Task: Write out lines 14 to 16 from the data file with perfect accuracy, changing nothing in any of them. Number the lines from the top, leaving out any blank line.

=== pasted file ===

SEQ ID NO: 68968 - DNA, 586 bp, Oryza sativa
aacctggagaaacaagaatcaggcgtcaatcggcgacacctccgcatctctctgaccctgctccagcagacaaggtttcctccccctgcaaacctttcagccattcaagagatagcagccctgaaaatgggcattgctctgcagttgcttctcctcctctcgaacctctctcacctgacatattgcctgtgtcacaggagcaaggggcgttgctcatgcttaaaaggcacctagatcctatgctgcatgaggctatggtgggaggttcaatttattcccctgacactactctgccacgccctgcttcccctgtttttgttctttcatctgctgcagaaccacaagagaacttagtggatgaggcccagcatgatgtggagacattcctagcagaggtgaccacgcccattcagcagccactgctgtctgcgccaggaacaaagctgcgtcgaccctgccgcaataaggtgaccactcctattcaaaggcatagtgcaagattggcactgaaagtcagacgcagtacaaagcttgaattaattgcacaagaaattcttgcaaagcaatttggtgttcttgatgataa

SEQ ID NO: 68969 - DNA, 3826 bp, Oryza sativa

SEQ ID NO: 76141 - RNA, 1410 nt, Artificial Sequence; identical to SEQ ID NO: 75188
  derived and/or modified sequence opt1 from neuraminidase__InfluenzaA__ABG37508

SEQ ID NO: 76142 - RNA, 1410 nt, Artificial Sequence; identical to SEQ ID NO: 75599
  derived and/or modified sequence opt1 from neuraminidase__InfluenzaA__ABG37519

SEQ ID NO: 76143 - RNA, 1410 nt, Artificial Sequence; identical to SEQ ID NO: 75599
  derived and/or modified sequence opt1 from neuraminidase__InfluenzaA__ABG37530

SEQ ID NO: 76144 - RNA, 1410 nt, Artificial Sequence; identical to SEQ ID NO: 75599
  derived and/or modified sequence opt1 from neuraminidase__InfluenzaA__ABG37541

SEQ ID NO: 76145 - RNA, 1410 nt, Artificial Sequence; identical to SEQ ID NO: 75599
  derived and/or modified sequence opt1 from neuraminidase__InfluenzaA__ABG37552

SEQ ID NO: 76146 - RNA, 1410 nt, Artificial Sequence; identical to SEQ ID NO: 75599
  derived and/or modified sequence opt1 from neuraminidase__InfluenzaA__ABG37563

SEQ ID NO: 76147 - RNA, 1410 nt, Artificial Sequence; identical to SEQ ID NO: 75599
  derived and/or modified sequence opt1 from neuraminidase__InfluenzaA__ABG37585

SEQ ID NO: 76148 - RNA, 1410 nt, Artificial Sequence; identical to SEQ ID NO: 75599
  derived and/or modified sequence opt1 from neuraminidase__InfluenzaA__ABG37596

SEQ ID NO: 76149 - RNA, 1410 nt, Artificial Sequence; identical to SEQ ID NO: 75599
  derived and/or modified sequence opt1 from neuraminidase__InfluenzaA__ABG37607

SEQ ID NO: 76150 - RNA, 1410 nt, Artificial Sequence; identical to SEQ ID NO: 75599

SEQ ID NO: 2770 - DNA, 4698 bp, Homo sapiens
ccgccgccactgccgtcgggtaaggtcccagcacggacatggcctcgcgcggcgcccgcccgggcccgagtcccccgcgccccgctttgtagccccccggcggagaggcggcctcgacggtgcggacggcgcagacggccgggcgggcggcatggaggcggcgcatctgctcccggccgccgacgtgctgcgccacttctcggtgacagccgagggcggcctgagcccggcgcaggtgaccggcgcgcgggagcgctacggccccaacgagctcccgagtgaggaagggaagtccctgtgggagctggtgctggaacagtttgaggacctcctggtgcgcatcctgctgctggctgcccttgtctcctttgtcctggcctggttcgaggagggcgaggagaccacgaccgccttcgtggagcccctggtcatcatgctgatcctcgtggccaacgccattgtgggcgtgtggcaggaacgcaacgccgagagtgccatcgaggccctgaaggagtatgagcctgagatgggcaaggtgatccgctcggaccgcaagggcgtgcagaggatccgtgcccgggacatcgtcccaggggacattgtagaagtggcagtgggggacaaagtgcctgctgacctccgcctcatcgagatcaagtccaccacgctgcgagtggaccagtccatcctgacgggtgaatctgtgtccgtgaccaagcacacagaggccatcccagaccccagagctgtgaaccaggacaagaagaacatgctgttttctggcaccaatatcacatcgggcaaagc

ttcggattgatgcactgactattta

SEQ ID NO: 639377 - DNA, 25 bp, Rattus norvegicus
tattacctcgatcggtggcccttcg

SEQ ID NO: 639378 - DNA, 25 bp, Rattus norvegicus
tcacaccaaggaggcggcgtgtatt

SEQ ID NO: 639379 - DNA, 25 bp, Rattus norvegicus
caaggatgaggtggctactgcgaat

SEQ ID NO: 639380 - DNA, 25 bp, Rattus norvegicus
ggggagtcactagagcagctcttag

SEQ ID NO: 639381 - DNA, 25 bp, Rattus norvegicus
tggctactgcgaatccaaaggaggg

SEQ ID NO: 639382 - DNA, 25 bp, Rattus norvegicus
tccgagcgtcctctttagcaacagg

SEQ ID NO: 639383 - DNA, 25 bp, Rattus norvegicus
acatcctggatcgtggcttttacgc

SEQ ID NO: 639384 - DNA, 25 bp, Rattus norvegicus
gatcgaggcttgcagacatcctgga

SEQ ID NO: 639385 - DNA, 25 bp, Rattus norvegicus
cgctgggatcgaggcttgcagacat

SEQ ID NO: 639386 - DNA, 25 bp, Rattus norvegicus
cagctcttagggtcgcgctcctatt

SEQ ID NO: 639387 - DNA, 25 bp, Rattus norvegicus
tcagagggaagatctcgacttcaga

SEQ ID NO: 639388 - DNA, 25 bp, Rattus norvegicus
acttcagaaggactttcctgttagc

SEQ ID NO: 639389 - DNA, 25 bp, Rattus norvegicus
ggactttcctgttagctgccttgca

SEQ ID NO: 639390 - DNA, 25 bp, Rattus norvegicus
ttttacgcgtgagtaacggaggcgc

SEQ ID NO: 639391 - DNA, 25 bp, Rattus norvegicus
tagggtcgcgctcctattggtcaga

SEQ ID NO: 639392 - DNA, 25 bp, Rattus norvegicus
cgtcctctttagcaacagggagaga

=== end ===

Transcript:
SEQ ID NO: 76146 - RNA, 1410 nt, Artificial Sequence; identical to SEQ ID NO: 75599
  derived and/or modified sequence opt1 from neuraminidase__InfluenzaA__ABG37563

SEQ ID NO: 76147 - RNA, 1410 nt, Artificial Sequence; identical to SEQ ID NO: 75599